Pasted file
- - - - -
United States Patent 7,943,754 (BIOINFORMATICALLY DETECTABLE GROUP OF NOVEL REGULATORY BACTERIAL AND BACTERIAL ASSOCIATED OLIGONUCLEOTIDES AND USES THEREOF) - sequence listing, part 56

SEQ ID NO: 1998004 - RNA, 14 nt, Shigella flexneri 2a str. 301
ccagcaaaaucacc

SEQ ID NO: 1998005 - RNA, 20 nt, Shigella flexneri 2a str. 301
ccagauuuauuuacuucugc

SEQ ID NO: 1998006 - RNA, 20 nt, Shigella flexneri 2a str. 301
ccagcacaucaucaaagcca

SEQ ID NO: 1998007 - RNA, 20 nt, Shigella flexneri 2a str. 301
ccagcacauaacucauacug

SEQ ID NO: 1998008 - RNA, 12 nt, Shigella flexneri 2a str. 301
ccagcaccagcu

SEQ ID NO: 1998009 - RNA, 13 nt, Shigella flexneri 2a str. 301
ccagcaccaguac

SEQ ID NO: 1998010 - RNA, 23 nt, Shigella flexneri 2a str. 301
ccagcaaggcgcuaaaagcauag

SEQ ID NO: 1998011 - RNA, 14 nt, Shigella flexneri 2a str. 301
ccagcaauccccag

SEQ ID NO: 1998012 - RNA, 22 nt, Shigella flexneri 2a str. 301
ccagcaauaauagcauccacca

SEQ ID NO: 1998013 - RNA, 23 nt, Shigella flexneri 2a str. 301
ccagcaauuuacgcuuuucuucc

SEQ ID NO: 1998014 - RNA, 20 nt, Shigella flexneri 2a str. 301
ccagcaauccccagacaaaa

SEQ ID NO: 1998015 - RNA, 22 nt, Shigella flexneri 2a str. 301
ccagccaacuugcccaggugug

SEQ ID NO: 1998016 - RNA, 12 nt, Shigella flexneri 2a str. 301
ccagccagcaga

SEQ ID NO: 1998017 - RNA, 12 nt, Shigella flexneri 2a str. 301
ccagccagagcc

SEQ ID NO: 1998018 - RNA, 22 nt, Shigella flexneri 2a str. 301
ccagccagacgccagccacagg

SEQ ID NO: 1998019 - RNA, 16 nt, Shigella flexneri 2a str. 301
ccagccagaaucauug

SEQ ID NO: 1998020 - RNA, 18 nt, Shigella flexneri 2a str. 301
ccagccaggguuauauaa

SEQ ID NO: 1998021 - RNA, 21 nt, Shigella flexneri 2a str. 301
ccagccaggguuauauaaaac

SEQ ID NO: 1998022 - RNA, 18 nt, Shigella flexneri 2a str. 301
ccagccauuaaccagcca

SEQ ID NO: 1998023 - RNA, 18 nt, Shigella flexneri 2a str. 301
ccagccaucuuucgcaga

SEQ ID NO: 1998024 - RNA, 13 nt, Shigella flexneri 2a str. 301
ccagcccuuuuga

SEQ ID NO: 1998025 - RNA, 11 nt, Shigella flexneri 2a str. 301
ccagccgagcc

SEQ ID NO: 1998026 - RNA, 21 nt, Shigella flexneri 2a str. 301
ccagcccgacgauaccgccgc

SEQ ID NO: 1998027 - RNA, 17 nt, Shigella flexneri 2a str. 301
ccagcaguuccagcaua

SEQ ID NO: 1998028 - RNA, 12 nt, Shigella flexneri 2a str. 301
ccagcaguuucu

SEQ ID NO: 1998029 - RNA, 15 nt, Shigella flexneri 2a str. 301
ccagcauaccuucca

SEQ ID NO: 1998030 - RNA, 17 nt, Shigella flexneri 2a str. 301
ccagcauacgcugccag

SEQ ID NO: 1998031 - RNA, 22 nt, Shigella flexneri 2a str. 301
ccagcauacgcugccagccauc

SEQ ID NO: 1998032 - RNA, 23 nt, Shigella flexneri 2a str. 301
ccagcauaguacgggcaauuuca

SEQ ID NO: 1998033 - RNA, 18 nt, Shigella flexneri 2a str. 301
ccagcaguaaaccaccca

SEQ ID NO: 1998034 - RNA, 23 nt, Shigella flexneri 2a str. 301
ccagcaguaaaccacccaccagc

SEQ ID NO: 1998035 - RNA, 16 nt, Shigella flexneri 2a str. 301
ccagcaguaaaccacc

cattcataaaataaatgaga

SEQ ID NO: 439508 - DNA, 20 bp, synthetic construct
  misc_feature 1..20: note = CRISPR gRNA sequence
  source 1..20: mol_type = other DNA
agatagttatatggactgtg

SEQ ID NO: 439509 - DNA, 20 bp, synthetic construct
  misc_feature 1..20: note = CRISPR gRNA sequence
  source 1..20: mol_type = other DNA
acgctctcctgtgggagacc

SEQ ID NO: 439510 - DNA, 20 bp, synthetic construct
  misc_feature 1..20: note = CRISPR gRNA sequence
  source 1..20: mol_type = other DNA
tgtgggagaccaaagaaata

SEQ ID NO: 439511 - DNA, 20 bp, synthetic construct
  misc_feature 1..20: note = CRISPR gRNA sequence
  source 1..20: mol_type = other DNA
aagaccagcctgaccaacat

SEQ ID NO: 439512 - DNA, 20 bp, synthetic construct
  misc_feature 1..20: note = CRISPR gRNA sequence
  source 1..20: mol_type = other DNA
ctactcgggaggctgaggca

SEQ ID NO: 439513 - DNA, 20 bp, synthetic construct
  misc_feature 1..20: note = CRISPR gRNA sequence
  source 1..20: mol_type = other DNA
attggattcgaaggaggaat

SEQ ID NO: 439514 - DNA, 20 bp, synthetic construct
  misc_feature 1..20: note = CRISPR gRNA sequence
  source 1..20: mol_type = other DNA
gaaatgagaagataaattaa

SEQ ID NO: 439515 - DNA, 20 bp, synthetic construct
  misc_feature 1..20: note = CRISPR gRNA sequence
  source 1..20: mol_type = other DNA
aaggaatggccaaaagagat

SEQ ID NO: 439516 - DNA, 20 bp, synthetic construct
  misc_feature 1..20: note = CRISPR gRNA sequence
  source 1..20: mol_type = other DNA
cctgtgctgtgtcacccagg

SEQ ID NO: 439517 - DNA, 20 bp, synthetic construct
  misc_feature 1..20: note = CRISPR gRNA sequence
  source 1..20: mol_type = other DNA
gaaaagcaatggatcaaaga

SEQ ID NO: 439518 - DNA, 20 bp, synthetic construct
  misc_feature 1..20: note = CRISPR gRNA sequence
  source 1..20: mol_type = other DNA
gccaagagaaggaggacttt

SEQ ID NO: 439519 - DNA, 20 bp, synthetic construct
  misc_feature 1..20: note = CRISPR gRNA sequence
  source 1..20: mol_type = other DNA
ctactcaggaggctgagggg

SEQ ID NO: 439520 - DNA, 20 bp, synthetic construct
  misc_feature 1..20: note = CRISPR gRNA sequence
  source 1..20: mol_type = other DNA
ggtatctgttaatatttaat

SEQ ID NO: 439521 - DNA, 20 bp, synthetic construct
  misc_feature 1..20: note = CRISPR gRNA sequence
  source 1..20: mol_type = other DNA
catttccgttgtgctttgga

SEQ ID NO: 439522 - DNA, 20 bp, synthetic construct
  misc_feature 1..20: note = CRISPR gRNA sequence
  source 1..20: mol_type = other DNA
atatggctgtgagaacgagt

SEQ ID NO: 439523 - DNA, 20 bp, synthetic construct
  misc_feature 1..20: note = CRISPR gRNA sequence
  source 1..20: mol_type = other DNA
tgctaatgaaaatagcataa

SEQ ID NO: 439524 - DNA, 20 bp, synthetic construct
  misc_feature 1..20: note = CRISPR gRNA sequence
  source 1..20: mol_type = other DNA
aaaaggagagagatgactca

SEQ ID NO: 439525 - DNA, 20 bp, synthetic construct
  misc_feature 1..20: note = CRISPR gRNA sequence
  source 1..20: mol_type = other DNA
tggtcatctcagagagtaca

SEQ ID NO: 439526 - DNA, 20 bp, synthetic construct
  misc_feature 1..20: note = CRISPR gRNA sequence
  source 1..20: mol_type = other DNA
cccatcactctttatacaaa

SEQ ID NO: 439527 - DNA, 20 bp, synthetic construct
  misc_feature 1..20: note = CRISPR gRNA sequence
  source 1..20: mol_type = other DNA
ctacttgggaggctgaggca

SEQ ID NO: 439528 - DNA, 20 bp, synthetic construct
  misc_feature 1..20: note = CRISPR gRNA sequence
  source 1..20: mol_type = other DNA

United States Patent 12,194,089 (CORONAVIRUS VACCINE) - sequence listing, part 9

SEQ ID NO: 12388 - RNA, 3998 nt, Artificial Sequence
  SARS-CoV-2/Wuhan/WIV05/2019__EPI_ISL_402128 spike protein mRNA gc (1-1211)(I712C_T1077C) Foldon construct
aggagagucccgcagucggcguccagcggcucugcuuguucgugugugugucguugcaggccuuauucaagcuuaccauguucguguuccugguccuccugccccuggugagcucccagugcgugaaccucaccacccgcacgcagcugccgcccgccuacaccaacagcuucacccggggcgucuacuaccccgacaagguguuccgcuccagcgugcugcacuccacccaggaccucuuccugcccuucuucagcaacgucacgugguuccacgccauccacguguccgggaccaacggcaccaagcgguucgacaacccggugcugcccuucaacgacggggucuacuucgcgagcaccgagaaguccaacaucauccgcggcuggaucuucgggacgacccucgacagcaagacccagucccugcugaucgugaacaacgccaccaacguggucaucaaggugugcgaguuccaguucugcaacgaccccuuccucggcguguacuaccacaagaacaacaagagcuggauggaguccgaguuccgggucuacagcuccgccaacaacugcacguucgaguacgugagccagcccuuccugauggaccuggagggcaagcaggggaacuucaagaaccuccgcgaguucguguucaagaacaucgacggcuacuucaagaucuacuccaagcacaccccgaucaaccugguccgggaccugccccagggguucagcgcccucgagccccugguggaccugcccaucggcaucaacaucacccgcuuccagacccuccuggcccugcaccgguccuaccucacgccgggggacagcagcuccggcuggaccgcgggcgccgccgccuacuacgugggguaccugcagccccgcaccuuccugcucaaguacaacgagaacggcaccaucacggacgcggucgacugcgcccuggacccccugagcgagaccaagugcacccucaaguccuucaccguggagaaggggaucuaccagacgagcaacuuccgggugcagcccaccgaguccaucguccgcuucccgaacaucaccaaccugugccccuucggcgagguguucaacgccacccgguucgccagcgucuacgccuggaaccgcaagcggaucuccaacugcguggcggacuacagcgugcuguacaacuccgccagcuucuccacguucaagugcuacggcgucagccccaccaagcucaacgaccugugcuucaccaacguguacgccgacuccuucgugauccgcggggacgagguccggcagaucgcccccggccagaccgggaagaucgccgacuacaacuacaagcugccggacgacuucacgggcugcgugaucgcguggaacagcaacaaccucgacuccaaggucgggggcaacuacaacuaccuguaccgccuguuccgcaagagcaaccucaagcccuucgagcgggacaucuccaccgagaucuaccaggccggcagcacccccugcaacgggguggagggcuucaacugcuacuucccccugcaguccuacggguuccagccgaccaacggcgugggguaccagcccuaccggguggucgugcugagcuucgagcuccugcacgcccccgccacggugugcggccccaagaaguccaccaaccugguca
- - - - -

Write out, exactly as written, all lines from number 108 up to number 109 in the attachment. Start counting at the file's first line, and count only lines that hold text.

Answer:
  misc_feature 1..20: note = CRISPR gRNA sequence
  source 1..20: mol_type = other DNA